Fifteen-year-old Sam Manzie, of a nearby neighborhood in Jackson Township, was charged Oct. 1 with murder, sexual assault, and robbery. Local authorities charge that the teenager raped and strangled the boy "in a chance encounter." Last week, the Ocean County prosecutor asked that Mr. Manzie be tried as an adult.
Mr. Manzie was himself sexually victimized, prosecutors said. He carried on a relationship with a 43-year-old Long Island man he met on the Internet. Three days before he allegedly killed Edward, Mr. Manzie's parents had unsuccessfully asked a family court judge to commit their son to a psychiatric institution.
Incentives Mean Money
The National PTA tells its members that "children should never be exploited or used as fund-raisers." It also warns parents against letting fund raising for a school become the primary function of a local PTA and encourages local groups to push for public financing of school needs.
It stops short, however, of forbidding fund raising entirely.
The National Association of Fund Raisers & Direct Sellers, an Atlanta-based trade group representing about half the estimated 1,350 companies that help school and youth groups raise money, issued a policy this summer saying it does not endorse door-to-door selling. "It's not a widespread practice from what members tell me," the group's executive director, Russell A. Lemieux, said last week. Rather, he added, children and parents most often sell to friends, relatives, and other associates.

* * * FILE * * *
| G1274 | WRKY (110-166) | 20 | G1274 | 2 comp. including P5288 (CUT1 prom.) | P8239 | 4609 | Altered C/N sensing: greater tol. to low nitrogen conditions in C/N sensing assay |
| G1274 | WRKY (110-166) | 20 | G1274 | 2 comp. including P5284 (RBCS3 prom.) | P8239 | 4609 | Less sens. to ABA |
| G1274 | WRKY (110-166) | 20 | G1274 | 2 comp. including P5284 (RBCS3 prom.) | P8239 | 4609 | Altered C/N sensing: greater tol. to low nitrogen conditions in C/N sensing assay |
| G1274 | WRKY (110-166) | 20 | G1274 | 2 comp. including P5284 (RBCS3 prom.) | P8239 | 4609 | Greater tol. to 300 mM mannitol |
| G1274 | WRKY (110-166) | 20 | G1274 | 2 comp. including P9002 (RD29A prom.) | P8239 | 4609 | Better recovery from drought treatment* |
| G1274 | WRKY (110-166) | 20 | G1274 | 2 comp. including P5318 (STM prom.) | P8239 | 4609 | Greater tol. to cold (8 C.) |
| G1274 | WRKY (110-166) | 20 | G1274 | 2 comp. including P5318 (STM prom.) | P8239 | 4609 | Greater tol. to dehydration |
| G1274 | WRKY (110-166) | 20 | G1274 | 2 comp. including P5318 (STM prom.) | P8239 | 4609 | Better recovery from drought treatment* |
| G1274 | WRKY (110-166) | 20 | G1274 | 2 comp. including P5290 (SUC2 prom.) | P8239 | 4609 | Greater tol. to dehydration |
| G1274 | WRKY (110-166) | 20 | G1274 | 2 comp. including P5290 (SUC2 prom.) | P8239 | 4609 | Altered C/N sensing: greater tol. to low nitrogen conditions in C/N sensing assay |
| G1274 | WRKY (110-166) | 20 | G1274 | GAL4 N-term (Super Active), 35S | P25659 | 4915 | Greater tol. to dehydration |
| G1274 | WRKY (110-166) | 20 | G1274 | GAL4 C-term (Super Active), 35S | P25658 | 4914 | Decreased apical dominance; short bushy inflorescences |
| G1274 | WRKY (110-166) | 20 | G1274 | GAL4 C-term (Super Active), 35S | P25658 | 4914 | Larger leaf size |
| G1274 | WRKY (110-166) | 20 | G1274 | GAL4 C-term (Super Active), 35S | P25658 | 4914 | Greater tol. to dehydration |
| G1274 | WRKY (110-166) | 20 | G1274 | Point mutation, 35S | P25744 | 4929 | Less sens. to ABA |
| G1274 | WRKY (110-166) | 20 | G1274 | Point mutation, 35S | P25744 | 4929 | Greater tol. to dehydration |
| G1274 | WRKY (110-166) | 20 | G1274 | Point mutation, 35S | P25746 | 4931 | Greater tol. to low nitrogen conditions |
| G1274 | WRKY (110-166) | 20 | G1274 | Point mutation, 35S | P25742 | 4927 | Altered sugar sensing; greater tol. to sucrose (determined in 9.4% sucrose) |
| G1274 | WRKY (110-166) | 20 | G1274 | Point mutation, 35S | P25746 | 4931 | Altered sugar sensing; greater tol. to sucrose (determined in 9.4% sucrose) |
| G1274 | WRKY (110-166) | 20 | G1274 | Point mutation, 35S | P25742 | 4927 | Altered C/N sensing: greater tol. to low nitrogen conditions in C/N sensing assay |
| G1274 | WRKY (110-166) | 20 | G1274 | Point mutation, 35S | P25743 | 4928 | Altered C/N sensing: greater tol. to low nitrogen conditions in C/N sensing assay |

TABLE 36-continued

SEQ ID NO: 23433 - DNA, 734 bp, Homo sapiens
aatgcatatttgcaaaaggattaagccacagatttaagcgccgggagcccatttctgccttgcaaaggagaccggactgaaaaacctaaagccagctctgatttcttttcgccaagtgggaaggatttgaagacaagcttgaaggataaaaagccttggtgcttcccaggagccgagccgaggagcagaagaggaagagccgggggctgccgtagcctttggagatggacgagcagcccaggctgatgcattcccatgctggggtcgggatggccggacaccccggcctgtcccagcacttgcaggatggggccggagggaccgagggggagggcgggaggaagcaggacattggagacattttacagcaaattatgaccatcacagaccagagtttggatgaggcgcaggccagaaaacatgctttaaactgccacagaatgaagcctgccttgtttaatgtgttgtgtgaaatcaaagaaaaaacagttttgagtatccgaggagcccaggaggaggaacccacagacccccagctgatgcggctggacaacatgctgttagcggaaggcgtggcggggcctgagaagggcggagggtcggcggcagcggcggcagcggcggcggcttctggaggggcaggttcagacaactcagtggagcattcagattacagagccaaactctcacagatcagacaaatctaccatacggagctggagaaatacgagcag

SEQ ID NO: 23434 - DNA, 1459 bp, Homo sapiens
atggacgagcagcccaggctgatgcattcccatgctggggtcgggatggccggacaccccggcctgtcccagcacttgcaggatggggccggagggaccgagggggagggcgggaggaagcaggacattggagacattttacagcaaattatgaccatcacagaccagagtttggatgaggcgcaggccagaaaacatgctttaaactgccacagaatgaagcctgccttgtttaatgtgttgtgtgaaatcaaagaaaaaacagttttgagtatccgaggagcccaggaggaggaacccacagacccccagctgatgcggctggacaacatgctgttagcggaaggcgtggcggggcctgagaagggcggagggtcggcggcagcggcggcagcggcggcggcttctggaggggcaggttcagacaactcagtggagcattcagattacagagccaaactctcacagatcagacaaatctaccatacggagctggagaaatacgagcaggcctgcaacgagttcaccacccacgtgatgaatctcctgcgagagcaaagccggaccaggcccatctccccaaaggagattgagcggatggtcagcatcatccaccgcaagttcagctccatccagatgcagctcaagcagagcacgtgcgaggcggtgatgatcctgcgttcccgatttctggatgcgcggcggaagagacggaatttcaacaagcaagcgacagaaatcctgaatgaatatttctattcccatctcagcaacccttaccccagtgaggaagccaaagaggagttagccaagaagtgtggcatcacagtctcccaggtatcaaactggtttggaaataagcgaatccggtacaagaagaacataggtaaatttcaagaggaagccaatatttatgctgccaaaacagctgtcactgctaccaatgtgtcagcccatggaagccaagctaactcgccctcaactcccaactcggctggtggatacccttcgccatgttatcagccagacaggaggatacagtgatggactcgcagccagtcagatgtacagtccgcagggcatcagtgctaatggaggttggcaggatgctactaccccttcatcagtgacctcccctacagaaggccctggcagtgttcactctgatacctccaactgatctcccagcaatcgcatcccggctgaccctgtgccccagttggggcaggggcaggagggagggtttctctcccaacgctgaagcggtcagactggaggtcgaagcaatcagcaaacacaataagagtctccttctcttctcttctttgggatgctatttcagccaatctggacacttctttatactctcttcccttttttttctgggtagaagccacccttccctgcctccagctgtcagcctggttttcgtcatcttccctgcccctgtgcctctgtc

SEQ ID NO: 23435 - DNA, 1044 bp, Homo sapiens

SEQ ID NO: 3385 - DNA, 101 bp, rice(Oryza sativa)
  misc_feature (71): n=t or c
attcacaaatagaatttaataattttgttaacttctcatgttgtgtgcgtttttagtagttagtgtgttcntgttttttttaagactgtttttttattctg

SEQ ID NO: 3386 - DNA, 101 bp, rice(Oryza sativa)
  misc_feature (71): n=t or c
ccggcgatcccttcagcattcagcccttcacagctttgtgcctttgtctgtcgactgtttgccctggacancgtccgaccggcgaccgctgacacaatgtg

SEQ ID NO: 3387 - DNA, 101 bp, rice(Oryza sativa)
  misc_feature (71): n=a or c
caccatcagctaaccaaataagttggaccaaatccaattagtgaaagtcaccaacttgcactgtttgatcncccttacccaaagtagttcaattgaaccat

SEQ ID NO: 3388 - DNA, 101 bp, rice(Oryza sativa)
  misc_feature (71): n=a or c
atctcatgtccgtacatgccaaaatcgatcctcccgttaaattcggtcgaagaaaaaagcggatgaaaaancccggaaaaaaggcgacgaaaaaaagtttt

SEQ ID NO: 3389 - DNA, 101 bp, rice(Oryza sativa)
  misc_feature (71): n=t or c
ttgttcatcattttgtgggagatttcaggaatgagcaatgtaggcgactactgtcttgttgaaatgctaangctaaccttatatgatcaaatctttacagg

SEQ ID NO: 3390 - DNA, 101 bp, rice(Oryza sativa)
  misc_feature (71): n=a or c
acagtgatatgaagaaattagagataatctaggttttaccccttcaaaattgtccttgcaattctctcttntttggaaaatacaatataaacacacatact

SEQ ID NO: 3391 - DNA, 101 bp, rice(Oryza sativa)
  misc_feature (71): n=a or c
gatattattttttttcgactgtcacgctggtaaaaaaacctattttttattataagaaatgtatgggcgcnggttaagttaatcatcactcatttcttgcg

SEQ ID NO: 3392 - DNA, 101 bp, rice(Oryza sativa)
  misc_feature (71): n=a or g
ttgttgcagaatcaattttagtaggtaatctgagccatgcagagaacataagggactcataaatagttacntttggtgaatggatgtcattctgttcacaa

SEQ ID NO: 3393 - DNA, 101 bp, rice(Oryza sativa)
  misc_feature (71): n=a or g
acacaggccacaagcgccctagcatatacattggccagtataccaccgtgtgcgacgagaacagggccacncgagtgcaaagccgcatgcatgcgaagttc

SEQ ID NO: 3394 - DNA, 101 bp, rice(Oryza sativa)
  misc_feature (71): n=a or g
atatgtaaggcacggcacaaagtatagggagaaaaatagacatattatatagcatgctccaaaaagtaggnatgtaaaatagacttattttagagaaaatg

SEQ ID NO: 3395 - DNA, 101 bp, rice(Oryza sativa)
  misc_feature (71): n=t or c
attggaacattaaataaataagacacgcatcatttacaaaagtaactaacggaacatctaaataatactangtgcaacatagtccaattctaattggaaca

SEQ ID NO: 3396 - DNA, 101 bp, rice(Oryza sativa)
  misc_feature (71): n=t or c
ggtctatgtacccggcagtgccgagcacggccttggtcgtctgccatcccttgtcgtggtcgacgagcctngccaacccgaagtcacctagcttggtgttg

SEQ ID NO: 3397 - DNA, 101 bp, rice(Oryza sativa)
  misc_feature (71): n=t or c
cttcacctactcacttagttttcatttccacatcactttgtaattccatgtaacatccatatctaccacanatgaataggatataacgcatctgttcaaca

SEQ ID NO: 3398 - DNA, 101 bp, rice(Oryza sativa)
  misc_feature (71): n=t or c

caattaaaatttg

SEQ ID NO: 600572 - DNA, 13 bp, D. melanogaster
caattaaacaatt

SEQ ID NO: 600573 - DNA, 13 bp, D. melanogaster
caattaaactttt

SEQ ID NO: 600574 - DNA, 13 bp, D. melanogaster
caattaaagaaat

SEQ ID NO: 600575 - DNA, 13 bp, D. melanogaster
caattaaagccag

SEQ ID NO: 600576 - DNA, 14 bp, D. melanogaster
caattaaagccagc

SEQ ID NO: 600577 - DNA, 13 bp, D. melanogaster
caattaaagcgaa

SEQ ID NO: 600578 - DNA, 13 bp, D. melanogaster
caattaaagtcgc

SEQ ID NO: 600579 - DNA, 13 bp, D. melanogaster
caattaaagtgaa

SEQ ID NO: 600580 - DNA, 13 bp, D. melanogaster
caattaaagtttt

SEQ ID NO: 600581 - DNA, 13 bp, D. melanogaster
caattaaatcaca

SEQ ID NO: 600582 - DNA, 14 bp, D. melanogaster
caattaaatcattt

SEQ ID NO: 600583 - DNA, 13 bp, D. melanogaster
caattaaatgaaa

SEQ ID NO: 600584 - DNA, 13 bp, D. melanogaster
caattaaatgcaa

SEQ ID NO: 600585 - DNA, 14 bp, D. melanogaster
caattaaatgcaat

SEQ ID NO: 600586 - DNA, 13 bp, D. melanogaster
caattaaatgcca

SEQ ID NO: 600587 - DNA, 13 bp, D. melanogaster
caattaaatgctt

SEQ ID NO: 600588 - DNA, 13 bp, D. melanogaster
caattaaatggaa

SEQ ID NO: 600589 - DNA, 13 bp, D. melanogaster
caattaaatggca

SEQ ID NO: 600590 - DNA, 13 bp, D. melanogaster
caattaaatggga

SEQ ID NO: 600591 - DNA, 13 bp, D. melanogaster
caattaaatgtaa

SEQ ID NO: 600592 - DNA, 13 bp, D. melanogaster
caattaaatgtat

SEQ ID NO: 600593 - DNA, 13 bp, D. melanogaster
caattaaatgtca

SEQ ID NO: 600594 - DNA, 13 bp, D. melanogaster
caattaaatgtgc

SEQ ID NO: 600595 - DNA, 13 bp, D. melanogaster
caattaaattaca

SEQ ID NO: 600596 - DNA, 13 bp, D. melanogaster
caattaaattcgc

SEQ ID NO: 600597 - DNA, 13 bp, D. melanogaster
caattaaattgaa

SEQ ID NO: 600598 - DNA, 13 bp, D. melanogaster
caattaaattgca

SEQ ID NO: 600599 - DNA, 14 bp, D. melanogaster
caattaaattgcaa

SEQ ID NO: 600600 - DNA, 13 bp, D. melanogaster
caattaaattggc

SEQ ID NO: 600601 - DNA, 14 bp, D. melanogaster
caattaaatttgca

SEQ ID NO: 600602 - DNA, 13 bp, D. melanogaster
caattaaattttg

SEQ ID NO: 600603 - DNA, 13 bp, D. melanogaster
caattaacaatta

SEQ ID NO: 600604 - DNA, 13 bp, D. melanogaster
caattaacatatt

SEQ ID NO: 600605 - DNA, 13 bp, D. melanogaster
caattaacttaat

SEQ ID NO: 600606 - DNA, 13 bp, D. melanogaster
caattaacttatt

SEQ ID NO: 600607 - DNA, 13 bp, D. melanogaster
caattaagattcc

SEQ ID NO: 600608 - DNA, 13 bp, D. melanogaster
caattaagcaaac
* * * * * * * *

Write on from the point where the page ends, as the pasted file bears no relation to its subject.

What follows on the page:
But he defended the use of incentives, such as toys and electronic equipment, which significantly increase the amount of money raised.
Mr. Lemieux said schools and other youth groups make about $2 billion a year from the sale of goods and services, while the industry takes in gross revenues of about $2.5 billion.
Competition for Funds
The Girl Scouts of the United States of America has not discouraged door-to-door sales of its popular cookies, but over the years the group has put more strictures on how it should be done, said Sandra Jordan, a spokeswoman for the Girl Scout Council of the Nation's Capital.